Spring breakers' Ocean Drive party gets wild in South Beach

Police officers to spring breakers: Come on vacation, don't leave on probation

MIAMI BEACH, Fla. – A video shows a man punching a woman and knocking her down to the floor on Ocean Drive in South Beach. Another video shows a man driving on the MacArthur Causeway with an open bottle of alcohol and reaching out to a passenger in another car to pour some in her cup. 

The college crowd is in town until April 2. The MacArthur and Julia Tuttle causeways only have two lanes open each, so that the license plate readers can register every car coming into South Beach and catch those who have pending arrest warrants.  

Despite the hundreds of officers' on every block of Ocean Drive -- which remains closed to drivers from Fifth to 12th streets until 3 a.m. Monday ---  and the causeways, there are outlaws leaving evidence behind on social media. 

Miami Beach Police Department Officer Ernesto Rodriguez, a spokesman for the department, shared one of the videos on Twitter Friday saying, "This is the exact type of reckless and dangerous behavior that if we witness you will be arrested for."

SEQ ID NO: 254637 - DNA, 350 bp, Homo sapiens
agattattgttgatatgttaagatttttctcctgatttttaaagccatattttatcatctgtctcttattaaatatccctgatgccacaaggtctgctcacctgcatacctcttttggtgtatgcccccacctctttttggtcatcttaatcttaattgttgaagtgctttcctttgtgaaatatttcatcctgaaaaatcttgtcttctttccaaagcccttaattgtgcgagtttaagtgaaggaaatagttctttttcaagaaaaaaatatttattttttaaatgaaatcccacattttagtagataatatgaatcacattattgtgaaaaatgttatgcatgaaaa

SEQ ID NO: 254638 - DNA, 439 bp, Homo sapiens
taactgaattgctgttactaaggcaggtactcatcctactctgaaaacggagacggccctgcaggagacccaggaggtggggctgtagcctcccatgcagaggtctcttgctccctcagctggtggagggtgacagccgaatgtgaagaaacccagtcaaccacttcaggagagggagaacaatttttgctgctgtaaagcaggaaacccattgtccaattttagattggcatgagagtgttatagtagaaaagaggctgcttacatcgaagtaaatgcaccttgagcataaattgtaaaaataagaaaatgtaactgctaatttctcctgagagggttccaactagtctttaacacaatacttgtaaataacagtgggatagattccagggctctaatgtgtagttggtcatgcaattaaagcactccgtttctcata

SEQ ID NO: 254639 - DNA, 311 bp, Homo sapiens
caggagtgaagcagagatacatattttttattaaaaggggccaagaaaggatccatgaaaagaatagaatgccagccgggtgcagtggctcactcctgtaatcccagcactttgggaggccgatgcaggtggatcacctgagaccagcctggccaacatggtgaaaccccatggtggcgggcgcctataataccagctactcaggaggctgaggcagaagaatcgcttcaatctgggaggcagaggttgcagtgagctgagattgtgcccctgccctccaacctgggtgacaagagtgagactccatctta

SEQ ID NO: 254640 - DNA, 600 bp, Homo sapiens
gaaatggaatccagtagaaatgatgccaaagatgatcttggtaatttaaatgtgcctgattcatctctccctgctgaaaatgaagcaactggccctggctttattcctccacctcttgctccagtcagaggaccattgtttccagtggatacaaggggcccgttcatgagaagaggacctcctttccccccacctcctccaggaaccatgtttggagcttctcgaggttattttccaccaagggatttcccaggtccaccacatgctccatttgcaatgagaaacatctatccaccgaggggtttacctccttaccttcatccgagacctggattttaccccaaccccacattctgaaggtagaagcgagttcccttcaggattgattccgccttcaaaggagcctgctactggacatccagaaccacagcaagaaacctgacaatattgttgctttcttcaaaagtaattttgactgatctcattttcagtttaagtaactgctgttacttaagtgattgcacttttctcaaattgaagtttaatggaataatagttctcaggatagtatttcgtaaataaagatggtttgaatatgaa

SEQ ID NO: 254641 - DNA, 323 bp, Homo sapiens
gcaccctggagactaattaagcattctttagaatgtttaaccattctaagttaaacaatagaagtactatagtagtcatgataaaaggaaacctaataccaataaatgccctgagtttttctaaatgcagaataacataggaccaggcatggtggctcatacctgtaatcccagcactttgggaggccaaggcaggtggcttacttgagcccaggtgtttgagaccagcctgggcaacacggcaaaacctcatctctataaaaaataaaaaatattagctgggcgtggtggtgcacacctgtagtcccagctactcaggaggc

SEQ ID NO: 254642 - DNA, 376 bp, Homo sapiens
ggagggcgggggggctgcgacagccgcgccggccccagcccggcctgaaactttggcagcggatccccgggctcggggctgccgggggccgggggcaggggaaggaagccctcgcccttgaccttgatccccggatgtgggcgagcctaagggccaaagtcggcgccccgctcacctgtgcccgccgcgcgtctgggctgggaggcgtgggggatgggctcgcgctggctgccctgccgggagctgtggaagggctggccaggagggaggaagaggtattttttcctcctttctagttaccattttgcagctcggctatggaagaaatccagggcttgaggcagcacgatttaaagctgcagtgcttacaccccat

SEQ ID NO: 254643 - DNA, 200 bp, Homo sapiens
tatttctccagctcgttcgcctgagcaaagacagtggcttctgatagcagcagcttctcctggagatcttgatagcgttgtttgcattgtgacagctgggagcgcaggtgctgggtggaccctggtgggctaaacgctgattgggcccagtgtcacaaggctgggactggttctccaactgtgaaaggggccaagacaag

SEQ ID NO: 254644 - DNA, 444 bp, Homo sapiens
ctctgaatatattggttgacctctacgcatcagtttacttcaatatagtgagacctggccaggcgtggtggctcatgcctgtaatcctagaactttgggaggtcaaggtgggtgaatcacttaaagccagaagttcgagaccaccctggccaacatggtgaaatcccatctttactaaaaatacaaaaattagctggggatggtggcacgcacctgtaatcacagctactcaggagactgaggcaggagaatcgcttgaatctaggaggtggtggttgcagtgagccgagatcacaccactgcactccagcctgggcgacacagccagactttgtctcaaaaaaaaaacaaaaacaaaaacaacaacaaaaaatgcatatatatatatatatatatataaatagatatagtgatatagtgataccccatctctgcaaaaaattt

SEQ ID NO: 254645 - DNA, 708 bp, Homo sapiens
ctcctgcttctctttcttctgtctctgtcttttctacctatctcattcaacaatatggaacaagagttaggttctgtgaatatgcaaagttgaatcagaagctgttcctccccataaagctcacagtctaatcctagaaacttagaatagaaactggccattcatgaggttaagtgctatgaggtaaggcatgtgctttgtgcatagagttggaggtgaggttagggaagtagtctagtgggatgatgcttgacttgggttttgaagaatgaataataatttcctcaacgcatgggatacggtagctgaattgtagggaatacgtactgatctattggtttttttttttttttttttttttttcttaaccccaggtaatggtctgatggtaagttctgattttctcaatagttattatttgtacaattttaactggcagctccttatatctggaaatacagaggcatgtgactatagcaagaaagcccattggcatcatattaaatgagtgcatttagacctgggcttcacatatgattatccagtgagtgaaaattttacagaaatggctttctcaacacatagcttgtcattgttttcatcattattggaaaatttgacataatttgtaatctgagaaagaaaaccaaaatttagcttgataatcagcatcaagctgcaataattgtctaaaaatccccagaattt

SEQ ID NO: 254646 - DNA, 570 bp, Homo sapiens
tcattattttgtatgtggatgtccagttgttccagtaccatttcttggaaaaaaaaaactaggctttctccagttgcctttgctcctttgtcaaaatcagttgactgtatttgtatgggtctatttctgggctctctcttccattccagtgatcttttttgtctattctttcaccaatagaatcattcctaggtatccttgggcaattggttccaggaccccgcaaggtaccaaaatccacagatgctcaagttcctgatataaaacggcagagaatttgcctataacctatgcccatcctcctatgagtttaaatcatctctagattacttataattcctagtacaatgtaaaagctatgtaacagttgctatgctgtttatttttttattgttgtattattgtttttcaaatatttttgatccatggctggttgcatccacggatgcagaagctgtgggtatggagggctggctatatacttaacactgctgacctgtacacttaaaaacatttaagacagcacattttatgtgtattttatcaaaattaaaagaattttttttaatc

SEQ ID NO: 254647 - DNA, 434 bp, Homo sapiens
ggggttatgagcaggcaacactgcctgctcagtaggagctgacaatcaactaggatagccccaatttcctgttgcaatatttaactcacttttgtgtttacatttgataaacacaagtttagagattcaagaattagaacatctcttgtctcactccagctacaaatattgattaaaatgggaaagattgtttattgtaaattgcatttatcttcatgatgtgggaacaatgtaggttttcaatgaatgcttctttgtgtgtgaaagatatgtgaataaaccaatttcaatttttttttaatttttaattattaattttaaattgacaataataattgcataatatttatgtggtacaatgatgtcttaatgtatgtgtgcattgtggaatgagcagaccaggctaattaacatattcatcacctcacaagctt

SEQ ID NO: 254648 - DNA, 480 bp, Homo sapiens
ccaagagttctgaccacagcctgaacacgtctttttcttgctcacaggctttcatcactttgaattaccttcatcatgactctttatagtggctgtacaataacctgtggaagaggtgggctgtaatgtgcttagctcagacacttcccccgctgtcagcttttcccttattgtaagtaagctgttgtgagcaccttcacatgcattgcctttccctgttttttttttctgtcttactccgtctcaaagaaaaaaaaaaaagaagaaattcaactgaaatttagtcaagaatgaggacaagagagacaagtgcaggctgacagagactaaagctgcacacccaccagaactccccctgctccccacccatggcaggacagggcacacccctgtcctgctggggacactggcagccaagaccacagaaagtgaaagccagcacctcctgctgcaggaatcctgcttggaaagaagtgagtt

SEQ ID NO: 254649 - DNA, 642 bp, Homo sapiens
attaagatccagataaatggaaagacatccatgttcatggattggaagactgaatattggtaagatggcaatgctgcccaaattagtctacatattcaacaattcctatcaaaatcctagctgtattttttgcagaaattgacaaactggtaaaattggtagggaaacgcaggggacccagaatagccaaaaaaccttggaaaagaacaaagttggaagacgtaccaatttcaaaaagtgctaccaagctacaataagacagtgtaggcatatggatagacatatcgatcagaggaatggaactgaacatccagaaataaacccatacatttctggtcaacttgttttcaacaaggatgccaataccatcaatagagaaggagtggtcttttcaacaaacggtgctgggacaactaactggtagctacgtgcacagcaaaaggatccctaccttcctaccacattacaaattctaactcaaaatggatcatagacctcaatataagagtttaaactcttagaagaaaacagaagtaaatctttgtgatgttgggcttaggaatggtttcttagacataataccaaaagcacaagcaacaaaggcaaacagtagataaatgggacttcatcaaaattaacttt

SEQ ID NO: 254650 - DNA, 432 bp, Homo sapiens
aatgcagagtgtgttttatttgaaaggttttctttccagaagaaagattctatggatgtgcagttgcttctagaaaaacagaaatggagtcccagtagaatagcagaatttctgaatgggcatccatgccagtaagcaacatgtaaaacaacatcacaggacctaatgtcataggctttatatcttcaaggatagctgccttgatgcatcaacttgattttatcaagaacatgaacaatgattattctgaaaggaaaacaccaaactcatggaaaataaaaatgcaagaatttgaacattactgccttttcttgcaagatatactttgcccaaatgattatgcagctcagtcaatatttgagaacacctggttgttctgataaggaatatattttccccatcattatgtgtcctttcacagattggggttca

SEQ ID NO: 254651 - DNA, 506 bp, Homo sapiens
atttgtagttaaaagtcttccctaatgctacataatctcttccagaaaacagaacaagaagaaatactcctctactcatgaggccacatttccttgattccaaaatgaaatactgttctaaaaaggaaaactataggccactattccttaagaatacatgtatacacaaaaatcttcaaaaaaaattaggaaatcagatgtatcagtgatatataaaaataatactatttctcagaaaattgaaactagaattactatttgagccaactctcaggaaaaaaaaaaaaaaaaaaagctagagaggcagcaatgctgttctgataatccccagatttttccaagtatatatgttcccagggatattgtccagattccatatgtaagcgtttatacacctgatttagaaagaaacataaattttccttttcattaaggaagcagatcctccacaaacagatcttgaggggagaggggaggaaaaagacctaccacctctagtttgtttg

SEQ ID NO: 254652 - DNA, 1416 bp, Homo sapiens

Becoming a spring break destination comes at a price. The department plans to spend about $700,000 in overtime for police officers. The city spent about $30,000 in marketing to warn tourists that what happens in South Beach, doesn't stay in South Beach. It can end up in Miami-Dade County court. 

"Come on vacation, don't leave on probation," one sign says. 

The advertisement also reminds tourists that drinking outside of hotels, bars, restaurants and nightclubs, smoking marijuana, riding on top of vehicles and loud music are prohibited in South Beach. 

Rodriguez and Chief Dan Oates expect to be working long hours for the next two weeks.

For more information about the traffic changes, visit mbspringbreak.com or send a text message to MBtraffic to 888777.

Videos (Warning: Graphic content, violence and profanity)


About the Authors:

The Emmy Award-winning journalist joined the Local 10 News team in 2013. She wrote for the Miami Herald for more than 9 years and won a Green Eyeshade Award.